By Noah Taruberekera, Measurement, Evaluation and Learning Advisor, PSI Zimbabwe
Over the past two decades, Zimbabwe has had one of the strongest public sector condom programs in southern Africa. In a country with a 13.5% HIV prevalence rate among men and women of reproductive age, a strong condom market isn’t just important; it’s essential to protect against further HIV infections. Condoms are an important part of Zimbabwe’s national HIV prevention strategy, and although condom use has significantly increased in the past 20 years, the need remains for consistent condom promotion, especially amongst those who engage in high-risk sexual encounters.
But Zimbabwe currently faces an uncertain future for condom investments as international and local funders turn their attention away from simply funding an increased supply. International donors are placing their focus on self-sustaining condom markets to decrease reliance on international funding, while the Zimbabwean government focuses on how to best ensure access to condoms as well as their use.
So, how can international donors and governments invest in condom programming in a way that meets their own goals as well as the persistent need for funding? A recent study PSI conducted in Zimbabwe set out to find the answer to this question by demonstrating where international donors and government investments can have the most impact on condom programming and markets.
The study aimed to tests the impact of an intensive intervention that involved socially marketing condoms and supporting the public sector on overall market supply and demand in Zimbabwe’s challenging economy. Here’s what the study found about making strategic investments to create strong condom markets:
Key Takeaway #1: Condom brands should be positioned against each other complimentarily rather than competitively.
The study’s findings highlighted the need to better understand consumer preferences and learn how each market segment can best serve consumers based on their preferences. Before this study, PSI had already been conducting research in the public and commercial sectors to segment audiences so that the right condoms would be marketed to the right target audience. During the study, PSI marketed its own condom brand, Protector Plus, at an increased price to the audiences it had previously segmented. Findings showed that consumers in the target audiences felt the condoms were worth an increased price. Future investments in the condom market should ensure that all market sectors—public, non-profit and commercial—market to the right audiences, and don’t compete for the same customers.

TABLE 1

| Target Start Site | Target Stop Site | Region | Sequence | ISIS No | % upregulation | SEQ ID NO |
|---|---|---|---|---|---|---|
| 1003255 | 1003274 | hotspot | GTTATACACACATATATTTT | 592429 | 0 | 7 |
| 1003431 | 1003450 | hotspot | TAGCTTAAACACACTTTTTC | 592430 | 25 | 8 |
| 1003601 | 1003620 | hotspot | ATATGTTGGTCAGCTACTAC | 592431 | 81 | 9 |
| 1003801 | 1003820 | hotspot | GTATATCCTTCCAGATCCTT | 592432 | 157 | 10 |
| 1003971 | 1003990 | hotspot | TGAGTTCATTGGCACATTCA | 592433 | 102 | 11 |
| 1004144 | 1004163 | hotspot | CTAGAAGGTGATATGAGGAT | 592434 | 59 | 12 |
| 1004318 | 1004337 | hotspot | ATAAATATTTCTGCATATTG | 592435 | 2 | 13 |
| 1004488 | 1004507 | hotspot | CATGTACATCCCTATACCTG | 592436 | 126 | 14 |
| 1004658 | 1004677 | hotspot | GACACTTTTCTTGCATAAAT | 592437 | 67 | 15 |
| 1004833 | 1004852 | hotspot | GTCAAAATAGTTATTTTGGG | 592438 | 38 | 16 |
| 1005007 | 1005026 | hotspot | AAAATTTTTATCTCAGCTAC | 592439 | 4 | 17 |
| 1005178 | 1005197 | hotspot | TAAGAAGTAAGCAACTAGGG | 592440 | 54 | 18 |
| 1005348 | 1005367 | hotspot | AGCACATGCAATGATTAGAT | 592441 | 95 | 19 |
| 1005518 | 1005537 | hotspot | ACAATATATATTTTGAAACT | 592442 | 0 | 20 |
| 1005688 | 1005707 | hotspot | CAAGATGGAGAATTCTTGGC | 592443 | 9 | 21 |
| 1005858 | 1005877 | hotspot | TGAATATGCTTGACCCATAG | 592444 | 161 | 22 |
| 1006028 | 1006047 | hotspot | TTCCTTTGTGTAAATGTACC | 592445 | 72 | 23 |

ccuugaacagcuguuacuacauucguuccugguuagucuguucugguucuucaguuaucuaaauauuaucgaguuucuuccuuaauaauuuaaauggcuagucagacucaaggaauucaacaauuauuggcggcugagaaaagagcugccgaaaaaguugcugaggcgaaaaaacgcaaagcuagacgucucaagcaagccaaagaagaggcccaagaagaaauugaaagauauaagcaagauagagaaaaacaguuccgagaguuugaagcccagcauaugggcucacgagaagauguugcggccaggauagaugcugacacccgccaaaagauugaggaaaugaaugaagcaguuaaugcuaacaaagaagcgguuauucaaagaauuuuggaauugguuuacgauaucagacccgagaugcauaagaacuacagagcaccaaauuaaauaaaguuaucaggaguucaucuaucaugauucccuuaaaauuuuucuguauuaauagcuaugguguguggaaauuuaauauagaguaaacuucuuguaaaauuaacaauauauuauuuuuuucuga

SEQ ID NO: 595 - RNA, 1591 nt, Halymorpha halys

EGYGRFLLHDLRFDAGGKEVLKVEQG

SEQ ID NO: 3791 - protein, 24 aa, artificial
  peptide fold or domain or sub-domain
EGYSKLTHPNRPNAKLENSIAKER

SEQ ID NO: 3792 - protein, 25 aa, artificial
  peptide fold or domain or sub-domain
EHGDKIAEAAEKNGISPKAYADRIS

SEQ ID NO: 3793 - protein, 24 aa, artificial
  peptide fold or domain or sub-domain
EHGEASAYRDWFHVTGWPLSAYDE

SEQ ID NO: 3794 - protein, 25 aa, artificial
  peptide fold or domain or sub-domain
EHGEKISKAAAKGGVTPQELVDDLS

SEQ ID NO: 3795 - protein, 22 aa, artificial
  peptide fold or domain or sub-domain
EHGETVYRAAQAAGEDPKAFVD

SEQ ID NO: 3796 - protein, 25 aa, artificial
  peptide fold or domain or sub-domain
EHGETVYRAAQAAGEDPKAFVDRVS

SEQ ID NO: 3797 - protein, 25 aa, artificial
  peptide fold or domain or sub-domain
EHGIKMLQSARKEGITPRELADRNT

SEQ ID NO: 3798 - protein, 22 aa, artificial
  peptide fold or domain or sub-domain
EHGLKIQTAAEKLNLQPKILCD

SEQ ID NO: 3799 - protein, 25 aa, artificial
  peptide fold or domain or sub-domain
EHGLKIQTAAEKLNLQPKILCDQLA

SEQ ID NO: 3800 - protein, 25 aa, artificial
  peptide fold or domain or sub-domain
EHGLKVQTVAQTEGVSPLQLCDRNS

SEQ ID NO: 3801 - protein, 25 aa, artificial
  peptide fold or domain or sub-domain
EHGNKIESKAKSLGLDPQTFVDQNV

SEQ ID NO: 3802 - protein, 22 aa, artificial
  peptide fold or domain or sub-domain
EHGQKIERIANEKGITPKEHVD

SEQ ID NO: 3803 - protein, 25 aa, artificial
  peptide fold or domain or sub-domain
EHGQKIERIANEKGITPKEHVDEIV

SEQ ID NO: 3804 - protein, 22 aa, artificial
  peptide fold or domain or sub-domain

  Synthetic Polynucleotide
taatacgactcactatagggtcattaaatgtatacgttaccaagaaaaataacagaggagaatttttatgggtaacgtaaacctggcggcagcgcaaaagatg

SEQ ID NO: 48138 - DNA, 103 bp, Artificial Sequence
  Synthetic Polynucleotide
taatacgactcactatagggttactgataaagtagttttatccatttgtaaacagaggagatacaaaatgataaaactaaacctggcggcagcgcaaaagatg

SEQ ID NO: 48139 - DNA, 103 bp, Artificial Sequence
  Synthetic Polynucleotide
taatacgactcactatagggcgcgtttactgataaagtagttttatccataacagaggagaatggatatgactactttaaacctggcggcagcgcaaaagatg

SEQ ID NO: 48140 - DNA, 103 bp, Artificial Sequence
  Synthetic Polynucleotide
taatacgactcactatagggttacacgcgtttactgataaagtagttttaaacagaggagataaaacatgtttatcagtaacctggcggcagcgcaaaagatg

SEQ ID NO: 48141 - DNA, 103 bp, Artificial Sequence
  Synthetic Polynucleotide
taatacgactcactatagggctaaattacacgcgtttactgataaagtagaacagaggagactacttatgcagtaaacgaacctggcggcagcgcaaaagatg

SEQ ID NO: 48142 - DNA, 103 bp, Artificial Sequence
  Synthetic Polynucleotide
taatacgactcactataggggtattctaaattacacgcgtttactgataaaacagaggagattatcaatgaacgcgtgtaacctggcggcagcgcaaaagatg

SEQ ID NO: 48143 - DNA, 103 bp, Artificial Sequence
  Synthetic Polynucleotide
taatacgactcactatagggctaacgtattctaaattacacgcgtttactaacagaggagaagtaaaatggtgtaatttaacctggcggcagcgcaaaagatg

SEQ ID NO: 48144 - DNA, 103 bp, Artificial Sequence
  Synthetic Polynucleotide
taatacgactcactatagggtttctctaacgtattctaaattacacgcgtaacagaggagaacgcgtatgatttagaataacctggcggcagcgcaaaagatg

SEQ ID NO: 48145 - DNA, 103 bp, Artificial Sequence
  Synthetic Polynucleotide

Key Takeaway #2: Mass media alone isn’t enough to motivate consumers to buy condoms: you need to engage with consumers on a personal level, too.
Intensive in-person promotional activities, including increased visibility for the Protector Plus brand and promotion of the Protector Plus condom brand at the community level, led to more attachment to the brand and better perceptions of its effectiveness to protect against HIV and unintended pregnancy. Increased demand requires a consumer-centered approach to generate genuine client insights so that the path to market-wide demand is clear for everyone in the market.
Key Takeaway #3: It takes time to create meaningful behavior change.
The most important principle of social marketing to apply to condom market development is that good behavior change strategy takes time. In the public and commercial sectors, where distribution figures are the main indicator of success, it takes time to shift the focus to more meaningful figures like condom use, equity and supply source.
Key Takeaway #4: Zimbabwe needs a more accurate picture of all condoms sold in both the public and private sectors and at the national and local levels.
It is essential to conduct research that results in quality intelligence about the market to inform decision making and identify where to make changes that will create the most impact across the market. During the study, only inconsistent public sector data was available which made it impossible to assess public activities that had been conducted to improve condom distribution.
Want to learn more about why it’s so important to take a strategic approach to invest in the condom market for the fight against HIV? Learn about potential areas for further research and other discoveries PSI Zimbabwe made while studying the condom market here.
Banner image: (c)Unitaid/Eric Gauss